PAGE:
I can’t help muttering “rhubarb, rhubarb” every time I decide to cook some. It’s rather like shrieking “Basoool” in a Sybil Fawlty-esque voice whenever I make some pesto. It’s really not funny but there are certain bits of ridiculous British humour that have become lodged in my brain for life. I’ve not seen the Eric Sykes film Rhubarb, Rhubarb for decades. I’m not even sure that a farcical game of golf between a policeman and a vicar (whose only words “rhubarb, rhubarb” are repeated many, many times) would be that amusing any more, but now I’m determined to track the film down just to see.
I’m especially in love with rhubarb at this time of year when the stalks are still slender, tender and lurid pink. I loathed it as a child. It was the school pudding that did it; slimy mush topped with undercooked pastry, all floating in a pool of lumpy Bird’s custard. Now I just can’t get enough of the stuff whether it’s the stunning Barbie-pink forced stems or the more sturdy garden varieties.
So, I had my big bunch of rhubarb and had already decided that the finer pieces would end up on top of a gingery meringue whilst I made a zippy sauce with the stumpier pieces to go with some wonderful fresh mackerel. Disaster, no mackerel. We’re not the only ones who are throughly peed off with the shockingly cold spring. The freezing easterly winds have sent the mackerel in the English Channel packing, seeking refuge in deeper waters, and only some milder westerly weather will bring them back. Thankfully David Smith, my fantastic fishmonger, does stock some delicious smoked mackerel from the local Severn and Wye Smokery too.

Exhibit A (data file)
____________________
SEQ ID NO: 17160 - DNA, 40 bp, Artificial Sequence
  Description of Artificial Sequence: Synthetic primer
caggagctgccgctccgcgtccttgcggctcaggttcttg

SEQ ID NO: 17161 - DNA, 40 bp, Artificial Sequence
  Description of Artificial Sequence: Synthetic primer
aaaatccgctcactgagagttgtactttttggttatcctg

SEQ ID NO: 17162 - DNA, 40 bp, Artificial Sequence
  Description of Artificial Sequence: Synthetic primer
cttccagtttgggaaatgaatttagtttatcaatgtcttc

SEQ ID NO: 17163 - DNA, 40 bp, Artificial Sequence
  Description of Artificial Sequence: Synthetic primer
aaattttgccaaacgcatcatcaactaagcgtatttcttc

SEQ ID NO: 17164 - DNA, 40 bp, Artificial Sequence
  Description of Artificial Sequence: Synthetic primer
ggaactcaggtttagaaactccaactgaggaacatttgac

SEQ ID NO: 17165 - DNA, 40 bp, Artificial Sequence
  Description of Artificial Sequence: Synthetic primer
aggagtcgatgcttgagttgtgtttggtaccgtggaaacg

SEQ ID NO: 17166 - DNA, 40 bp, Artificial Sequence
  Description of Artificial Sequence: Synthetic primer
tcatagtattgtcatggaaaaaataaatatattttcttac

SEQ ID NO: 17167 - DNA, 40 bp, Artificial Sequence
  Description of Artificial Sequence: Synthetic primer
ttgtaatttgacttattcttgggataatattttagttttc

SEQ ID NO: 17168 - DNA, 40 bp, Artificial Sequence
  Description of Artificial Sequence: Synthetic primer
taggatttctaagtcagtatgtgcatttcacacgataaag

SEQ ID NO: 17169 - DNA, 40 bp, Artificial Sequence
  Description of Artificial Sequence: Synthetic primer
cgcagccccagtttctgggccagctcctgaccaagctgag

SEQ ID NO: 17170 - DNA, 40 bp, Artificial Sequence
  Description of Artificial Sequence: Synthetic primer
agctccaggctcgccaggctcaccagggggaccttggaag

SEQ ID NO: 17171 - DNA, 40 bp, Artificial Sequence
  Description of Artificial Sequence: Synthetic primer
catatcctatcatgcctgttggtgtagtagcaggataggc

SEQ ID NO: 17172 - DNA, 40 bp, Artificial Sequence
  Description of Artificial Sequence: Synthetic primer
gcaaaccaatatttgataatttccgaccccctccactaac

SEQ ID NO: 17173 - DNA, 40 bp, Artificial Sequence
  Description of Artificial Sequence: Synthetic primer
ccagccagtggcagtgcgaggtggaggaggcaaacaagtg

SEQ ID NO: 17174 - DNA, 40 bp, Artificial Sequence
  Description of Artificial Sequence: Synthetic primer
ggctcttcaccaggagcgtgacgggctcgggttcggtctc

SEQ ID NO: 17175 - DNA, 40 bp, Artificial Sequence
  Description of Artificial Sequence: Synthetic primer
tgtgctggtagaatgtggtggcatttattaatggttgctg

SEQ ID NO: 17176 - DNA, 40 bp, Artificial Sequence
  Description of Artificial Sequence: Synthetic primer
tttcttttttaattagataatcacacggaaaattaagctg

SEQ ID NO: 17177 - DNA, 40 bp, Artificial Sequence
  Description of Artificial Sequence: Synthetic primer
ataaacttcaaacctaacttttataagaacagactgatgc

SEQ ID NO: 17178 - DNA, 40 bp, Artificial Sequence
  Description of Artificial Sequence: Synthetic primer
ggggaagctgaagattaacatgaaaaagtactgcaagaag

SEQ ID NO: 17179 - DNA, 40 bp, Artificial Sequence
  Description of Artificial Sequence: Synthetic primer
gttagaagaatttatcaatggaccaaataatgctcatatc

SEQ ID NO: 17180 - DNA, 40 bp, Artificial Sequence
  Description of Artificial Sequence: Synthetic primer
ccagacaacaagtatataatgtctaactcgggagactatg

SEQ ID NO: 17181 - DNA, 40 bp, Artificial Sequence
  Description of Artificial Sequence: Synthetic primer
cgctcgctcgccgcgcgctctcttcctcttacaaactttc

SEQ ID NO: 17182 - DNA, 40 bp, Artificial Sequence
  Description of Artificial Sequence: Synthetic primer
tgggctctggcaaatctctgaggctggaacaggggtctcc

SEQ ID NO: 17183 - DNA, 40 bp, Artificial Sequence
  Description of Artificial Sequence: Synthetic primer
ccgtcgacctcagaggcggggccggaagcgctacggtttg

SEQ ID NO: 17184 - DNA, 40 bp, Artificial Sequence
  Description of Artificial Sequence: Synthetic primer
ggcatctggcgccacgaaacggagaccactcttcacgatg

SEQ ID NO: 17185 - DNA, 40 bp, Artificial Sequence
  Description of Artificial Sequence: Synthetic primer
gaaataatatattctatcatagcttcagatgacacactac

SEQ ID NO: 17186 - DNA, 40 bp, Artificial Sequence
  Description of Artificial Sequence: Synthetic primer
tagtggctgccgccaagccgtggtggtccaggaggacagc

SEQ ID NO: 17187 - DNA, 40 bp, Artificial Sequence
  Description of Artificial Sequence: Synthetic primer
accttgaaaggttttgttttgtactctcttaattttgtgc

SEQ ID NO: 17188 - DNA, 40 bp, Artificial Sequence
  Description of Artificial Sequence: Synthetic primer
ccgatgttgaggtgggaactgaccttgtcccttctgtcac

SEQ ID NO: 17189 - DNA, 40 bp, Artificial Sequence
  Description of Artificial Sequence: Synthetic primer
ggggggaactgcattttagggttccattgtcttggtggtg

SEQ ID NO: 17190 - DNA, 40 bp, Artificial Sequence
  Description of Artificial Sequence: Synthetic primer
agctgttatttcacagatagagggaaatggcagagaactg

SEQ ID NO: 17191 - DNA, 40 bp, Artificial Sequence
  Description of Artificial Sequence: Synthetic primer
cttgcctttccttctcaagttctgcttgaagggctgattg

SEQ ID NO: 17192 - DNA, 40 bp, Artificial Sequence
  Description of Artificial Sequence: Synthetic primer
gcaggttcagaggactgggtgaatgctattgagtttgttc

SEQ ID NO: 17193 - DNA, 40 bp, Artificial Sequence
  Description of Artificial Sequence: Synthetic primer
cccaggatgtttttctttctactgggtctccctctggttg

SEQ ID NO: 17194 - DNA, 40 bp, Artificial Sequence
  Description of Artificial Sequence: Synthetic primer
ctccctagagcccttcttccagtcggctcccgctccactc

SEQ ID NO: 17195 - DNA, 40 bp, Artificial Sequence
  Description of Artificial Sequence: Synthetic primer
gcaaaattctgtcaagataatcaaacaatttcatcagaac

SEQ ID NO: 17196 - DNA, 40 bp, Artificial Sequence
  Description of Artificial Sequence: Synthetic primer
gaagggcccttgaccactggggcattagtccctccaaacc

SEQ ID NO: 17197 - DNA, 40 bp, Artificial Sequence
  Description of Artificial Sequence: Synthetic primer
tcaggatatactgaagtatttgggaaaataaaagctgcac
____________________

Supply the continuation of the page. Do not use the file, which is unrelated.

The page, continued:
I changed tack and decided to try a dish using raw rhubarb. A Dutch friend had told me that he used to munch at the stems dipped in sugar when he was little. I tried it today. Not bad but rather like the super-sour sweets that children pretend to relish. I’m sure that they’re the junior equivalent of the posturing male’s Vindaloo curry, managing to look like you enjoy them brings some bizarre form of kudos amongst peers. I was more up for trying the traditional Iranian salad of salted rhubarb and cucumber that I’d found in Paula Wolfert’s brilliant book The Slow Mediterranean Kitchen. The tart, fresh crunch was a great combination with the rich oily fish. I swapped watercress for the rocket, did add a pinch of sugar, a splash of rapeseed oil and of course the smoked mackerel.
Smoked Mackerel and Raw Rhubarb Salad
Serves 4 as a starter or 2 as a light lunch
2-3 stalks of rhubarb
1 small or 1/2 a large cucumber
2 tbsp salt
1 large bunch of watercress
2 fillets of smoked mackerel, skin removed
Juice of 1/2 a lemon
2 tbsp rapeseed oil
Black pepper and a pinch of sugar
Slice the rhubarb and the cucumber as thinly as possible (mandolin or knife, that’s your choice). I’d only bother to peel the cucumber if I was using one of the delicious, but tougher skinned, continental varieties & maybe thicker garden rhubarb would be best peeled too.
Put the rhubarb and cucumber in a colander and toss with the salt. Leave for 10 minutes and then rinse and drain it.